On the first day of January, 1993 - it could make a good opening line for a song! But it was also the day the Jim McConville Cup was last in Donegal.
The Aodh Ruadh minor team created their own little bit of history by winning the Ulster Minor Club competition, run by the St. Paul’s club in Belfast, defeating a highly fancied Clann na nGael of Lurgan, Armagh in the final by 4-8 to 1-6. The team will be honoured at the Ballyshannon club’s dinner dance this Saturday night to mark the 25th anniversary of the achievement.
The Ulster Club Minor competition began in 1982 with the hosts, St. Paul’s, the inaugural winners, while the only other Donegal winners were Killybegs, who achieved a notable double, winning it back-to-back in 1984 and 1985.
St. Eunan’s and Killybegs have reached finals since then, but they were both defeated.
Aodh Ruadh had reached the final two years earlier in 1990 with Sylvester Maguire in charge, but lost out by a point to Derry champions, Dungiven.
The mastermind behind the Aodh Ruadh success in 1992 was Josie Boyle, who was the coach to most underage teams leaving the Erne town for a long period. Boyle was a man ahead of his time; he was coaching possession football for a long number of years.
He would be the first to admit that he was his own man. He did have help, but it was mostly for organisational matters. When it came to football, he had his own methods and ideas.
“I tried out things and if they worked, I kept them. If they didn’t I tried something else.
“But what I really enjoyed was the coaching. There was enjoyment out of getting results, but when Monday came around, it was back to basics again.”
That probably summed up Josie Boyle. He was relentless. He put a training regime in place and there was plenty of ball work.
“That bunch of players were very good. They were easy to work with, but then not too many of them played senior football after,” added Boyle.
And when we had a look at the photo which I was showing him in his home in St. Benildus Avenue, we reckoned only around a quarter of the 22 man panel played senior football on a regular basis.
Aodh Ruadh had been beaten in the Donegal minor final of 1991 by Ardara, but they came back in 1992 to defeat St. Eunan’s in the decider.
And the manager has a good memory of their Ulster campaign, where they defeated Mullahoran of Cavan in the preliminary round (2-10 to 0-2); Clones of Monaghan in the quarter-final (3-10 to 0-4) and Dromore of Tyrone in a feisty semi-final in Brewster Park, Enniskillen (3-5 to 1-7).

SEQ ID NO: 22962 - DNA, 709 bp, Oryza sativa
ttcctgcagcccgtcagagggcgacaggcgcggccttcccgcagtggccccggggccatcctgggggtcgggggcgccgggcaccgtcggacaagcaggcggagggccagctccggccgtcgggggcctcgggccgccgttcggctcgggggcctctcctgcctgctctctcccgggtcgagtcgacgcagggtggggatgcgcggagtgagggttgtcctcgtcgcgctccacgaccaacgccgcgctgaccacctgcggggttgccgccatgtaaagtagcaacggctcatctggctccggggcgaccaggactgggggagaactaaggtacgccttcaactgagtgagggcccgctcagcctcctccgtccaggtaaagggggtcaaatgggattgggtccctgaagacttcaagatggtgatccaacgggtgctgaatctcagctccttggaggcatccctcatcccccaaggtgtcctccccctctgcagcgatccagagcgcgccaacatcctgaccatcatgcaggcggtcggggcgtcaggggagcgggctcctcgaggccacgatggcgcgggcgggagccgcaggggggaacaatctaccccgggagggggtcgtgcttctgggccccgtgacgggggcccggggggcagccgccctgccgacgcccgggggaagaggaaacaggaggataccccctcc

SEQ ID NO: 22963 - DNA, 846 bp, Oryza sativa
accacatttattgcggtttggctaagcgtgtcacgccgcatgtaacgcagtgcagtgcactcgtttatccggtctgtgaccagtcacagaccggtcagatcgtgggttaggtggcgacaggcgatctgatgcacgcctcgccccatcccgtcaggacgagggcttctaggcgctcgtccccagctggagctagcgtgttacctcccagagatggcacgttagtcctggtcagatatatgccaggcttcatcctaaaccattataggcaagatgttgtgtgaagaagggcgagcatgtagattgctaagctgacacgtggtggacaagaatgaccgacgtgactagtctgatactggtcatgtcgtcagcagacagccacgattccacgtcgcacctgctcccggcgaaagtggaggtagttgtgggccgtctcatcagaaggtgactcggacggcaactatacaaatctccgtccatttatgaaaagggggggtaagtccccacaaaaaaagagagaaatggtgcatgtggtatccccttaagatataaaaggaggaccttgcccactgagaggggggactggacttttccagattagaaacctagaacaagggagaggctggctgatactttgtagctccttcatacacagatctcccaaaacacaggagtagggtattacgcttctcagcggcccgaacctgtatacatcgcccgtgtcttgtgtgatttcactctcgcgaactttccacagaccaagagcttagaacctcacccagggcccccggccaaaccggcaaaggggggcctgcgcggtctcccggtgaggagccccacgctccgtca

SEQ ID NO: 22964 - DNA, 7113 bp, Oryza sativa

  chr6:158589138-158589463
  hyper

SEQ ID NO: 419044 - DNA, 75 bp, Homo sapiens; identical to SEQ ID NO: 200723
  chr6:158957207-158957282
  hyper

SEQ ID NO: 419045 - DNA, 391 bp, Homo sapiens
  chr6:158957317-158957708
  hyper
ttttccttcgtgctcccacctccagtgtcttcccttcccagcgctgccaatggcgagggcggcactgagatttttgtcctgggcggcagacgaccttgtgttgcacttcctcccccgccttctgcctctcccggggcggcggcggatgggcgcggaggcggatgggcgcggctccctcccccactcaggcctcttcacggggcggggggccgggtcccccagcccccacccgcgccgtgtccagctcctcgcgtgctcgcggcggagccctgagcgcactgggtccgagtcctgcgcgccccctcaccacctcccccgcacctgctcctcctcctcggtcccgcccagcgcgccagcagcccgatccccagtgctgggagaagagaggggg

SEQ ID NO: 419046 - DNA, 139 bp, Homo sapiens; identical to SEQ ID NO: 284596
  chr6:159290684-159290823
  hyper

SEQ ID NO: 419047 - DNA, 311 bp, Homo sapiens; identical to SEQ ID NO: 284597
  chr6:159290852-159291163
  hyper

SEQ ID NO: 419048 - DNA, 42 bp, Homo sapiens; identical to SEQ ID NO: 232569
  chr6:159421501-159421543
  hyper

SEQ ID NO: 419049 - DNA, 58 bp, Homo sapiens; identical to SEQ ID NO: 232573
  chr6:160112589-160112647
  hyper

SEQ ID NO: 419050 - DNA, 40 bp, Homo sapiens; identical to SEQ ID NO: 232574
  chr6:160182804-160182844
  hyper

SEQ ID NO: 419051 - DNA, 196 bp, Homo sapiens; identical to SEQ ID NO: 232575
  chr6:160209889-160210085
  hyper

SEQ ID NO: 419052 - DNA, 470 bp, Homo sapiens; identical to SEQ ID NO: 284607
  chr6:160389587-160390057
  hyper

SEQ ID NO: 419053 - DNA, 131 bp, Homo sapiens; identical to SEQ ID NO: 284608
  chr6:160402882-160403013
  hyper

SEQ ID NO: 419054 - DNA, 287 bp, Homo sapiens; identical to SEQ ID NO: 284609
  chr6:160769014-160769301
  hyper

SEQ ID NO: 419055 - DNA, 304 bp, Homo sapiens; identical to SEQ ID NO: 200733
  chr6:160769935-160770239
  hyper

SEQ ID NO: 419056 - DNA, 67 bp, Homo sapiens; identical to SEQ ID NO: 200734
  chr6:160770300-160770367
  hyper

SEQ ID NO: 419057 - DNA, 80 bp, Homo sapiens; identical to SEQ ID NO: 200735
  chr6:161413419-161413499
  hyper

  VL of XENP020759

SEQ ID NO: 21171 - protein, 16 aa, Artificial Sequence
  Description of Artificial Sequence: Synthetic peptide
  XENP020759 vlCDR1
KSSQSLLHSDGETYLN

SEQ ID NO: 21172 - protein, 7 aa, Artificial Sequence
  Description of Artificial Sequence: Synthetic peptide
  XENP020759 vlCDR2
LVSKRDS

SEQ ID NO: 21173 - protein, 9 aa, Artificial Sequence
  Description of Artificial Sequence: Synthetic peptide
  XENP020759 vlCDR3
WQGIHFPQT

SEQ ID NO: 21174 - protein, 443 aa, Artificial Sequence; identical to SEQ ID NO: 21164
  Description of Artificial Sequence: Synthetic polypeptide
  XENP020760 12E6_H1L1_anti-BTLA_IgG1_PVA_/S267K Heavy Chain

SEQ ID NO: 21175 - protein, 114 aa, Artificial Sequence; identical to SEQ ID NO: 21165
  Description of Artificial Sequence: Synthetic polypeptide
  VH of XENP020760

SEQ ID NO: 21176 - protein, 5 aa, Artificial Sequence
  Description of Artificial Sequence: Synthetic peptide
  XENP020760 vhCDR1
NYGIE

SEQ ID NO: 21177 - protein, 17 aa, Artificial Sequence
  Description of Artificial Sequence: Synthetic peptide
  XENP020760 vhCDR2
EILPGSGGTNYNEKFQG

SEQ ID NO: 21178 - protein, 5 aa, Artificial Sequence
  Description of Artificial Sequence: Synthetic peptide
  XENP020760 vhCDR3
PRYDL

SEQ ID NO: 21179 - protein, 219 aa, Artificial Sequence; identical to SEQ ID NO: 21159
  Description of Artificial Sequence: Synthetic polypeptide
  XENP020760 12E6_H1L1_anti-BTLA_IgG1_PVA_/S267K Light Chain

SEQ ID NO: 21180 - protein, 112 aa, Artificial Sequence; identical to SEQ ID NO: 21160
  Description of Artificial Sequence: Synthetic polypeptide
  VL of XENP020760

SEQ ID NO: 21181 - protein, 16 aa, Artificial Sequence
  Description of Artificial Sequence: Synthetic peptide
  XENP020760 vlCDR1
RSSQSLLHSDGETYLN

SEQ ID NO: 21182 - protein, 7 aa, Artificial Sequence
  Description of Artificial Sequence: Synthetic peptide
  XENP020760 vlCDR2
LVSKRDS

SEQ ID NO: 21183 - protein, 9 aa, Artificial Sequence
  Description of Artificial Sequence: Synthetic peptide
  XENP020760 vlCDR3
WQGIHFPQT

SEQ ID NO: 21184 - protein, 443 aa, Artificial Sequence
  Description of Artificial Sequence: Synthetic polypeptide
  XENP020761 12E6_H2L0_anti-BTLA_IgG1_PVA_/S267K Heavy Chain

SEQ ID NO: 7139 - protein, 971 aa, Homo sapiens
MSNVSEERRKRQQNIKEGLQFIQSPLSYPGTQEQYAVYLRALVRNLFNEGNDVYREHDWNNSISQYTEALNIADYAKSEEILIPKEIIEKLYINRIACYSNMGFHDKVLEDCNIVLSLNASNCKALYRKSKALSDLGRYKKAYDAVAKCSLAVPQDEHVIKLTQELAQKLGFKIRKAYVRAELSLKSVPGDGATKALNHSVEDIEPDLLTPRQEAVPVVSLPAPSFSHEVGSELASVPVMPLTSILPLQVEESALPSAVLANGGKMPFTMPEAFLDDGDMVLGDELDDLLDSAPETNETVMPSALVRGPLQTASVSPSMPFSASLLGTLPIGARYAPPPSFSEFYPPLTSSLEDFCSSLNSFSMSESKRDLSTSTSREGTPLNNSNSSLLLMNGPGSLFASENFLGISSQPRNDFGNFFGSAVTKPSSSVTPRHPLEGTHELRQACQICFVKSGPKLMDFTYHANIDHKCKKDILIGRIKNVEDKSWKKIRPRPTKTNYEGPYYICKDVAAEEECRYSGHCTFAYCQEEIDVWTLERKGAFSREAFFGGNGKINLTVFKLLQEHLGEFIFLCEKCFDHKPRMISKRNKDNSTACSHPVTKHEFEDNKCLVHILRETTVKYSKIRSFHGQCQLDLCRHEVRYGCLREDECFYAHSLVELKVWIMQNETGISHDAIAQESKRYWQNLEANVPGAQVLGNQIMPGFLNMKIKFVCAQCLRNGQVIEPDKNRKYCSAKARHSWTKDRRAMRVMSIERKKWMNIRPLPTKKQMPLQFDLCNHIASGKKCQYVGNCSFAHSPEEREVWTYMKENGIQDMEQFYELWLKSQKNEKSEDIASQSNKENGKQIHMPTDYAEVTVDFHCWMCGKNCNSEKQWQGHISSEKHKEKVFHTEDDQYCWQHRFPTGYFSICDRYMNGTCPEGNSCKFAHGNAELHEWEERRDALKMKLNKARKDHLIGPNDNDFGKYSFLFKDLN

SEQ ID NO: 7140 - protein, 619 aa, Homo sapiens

“I remember a number of things about the final. We had a goalkeeping problem and David Downey, who was an outfield player, had to play in goals. There was a decision to be made as to who would replace Downey outfield and that decision was only made on the bus going to Belfast on the day.
“I decided to play Paul Roper, who was the youngest player on the panel at 16. I put him in at centre-forward and told him to go out to the wing and take the centre-half with him. And if he didn’t follow him, we would feed him. Paul got a couple of points so his man had to follow him after that and it worked for us,” said Boyle, who also said that Barry Ward had scored something like 6-8 in the three games up to the final and they (Clann na nGael) were watching him.
There was also drama the day before the game when full-back Eamonn O’Donnell arrived at Josie’s house on crutches saying he wouldn’t be able to play the next day. He had gone to Rossnowlagh to walk in the water and cut his foot and had stitches inserted.
Josie had other ideas though. “I told him he would be playing! I made out a special plaster with a hole cut out so that his stitches were not touching the boot and he went out and played well.”
There was an early scare in the game when Barry O’Hagan (now resident in Donegal) scored an early goal, but a goal from Donal Buggy calmed nerves and Anthony McGrath added a second goal just before half-time to leave Aodh Ruadh ahead 2-2 to 1-4 at the break after playing against the strong breeze.
A third goal on 43 minutes from Brian Roper eased Aodh Ruadh into a commanding position and Roper, who was named man of the match, added the fourth two minutes from the end.
There were many good performances in the final with Ciaran McLean, at centre half-back, holding Diarmuid Marsden to just one point in the game, most notable.
The Jim McConville cup was presented to captain John Muldoon, who had missed a number of games through injury, but was back in time for the final.
The teams and scorers were: